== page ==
Robert Mueller testifies before Congress.
Andrew Harnik / AP

What is the impact of former Special Counsel Robert Mueller’s testimony in Congress this week? Since the seven hours of testimony on Wednesday, five more Democratic U.S. representatives endorsed the idea of impeachment: including Reps. Katherine Clark of Massachusetts, Andre Carson of Indiana, Lori Trahan of Massachusetts, Peter DeFazio of Oregon and Lisa Blunt Rochester of Delaware.

Press photo of Carrboro-based band Dissimilar South.
Hayes Potter

The Carrboro-based band Dissimilar South is focused on transitions right now. Their recent debut EP, “Treehouse,” tracks the bittersweet flavors of change as a relationship ends. It contrasts the desire for nostalgia with dreams of the future. All of the band members have recently graduated from college at the University of North Carolina at Chapel Hill, where they met and began the band.

Creative Commons / https://pxhere.com/en/photo/1019274

Many people learn the basics in sex education classes — how men and women procreate and how to avoid contracting sexually transmitted infections. However, the science of sex goes well beyond basic textbook diagrams. In recent decades, researchers have developed a deeper understanding of the interplay between our brains and our bodies and about the mechanics of sexual desire.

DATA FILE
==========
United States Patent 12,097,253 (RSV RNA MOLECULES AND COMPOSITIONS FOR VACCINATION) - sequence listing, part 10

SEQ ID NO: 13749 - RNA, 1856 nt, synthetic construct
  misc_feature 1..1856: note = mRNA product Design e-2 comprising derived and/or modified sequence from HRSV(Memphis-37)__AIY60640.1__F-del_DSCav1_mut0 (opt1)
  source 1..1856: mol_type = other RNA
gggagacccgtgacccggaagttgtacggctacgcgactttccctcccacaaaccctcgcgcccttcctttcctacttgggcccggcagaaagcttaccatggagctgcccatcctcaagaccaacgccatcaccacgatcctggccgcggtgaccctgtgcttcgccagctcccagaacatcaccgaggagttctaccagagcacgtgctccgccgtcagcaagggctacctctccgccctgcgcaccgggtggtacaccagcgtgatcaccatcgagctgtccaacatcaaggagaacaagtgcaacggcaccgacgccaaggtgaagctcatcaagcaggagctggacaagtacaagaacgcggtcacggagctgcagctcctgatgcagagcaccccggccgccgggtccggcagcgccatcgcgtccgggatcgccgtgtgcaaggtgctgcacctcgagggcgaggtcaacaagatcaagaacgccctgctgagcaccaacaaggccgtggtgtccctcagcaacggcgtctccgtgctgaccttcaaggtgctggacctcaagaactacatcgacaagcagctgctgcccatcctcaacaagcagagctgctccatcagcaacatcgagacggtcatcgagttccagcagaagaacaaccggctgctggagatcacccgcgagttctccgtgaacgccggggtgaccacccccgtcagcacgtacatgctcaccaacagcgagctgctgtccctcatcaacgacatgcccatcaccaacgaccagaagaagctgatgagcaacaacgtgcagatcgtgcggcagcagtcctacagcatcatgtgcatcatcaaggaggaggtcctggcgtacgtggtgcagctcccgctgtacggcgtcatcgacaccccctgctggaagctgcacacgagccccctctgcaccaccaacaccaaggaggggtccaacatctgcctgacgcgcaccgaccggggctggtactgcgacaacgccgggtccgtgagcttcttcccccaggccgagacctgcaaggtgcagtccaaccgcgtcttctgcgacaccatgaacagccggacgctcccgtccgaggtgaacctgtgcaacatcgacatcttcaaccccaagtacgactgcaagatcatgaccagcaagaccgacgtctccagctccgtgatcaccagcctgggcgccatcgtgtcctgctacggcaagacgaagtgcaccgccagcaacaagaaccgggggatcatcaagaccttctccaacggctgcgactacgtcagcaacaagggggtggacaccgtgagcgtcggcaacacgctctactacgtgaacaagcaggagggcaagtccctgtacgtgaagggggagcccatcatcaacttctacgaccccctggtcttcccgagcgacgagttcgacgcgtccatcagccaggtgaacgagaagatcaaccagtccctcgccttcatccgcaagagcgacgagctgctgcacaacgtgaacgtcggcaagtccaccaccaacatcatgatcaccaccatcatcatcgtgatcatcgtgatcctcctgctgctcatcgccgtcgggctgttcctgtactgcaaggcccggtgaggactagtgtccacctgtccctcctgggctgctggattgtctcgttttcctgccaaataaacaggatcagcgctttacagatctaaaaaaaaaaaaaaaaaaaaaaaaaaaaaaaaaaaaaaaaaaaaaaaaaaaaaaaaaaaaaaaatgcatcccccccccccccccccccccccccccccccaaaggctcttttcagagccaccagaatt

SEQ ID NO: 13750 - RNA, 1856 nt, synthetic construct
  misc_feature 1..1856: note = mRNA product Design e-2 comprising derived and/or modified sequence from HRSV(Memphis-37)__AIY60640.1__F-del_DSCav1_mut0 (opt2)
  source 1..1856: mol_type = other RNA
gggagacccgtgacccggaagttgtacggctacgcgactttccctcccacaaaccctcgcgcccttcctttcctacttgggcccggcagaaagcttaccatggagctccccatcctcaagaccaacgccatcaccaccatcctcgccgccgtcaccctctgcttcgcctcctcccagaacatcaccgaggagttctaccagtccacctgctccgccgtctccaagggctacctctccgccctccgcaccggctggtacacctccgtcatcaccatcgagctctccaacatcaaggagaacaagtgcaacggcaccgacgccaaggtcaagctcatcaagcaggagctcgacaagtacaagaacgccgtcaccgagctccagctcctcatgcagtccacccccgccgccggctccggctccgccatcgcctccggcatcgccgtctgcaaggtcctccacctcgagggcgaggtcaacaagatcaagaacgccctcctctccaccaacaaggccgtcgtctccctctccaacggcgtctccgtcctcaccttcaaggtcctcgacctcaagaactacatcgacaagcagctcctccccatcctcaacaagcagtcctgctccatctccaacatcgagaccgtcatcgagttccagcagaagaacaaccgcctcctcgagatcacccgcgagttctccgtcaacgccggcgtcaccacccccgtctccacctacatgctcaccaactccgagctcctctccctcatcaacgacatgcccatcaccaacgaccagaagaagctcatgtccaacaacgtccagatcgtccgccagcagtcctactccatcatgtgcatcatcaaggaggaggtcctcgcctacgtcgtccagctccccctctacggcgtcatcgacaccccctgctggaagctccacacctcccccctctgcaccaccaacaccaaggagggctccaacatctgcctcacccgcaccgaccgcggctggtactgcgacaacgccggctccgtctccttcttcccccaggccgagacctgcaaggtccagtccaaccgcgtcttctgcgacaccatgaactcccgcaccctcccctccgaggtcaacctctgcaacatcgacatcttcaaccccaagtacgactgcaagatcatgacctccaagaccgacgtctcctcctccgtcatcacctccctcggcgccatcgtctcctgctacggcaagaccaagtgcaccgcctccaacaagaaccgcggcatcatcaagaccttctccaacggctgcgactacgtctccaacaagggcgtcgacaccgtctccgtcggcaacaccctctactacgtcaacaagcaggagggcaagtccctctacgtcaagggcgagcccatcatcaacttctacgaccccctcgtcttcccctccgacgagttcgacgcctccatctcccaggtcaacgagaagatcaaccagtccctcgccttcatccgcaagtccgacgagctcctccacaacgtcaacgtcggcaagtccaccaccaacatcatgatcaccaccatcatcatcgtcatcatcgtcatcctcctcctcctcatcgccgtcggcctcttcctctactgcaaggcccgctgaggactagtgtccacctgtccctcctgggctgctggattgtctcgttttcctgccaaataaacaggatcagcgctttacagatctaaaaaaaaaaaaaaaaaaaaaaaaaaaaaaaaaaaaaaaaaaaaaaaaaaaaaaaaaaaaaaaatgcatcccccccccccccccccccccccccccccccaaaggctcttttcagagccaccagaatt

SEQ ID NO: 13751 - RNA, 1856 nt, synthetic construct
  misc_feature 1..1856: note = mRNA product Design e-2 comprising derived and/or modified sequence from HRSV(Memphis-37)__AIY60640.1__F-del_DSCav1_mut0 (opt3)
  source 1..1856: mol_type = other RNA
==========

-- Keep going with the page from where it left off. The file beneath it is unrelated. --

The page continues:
Courtesy of Dan Ariely

Summer is filled with temptation. We know that fresh fruit is a healthier choice than ice cream. A ripe watermelon can be just as sweet, but often times we pass it by for a double scoop in a waffle cone. The barrage of pool parties and cookouts combined with summer vacation may leave many struggling to make and keep health commitments.

courtesy of Jennifer Dasal

It can be as difficult to explain why an artist is driven to paint or sculpt as it is to define what makes great art. But for some of the highest-achieving artists the motivation to create is clear: competition.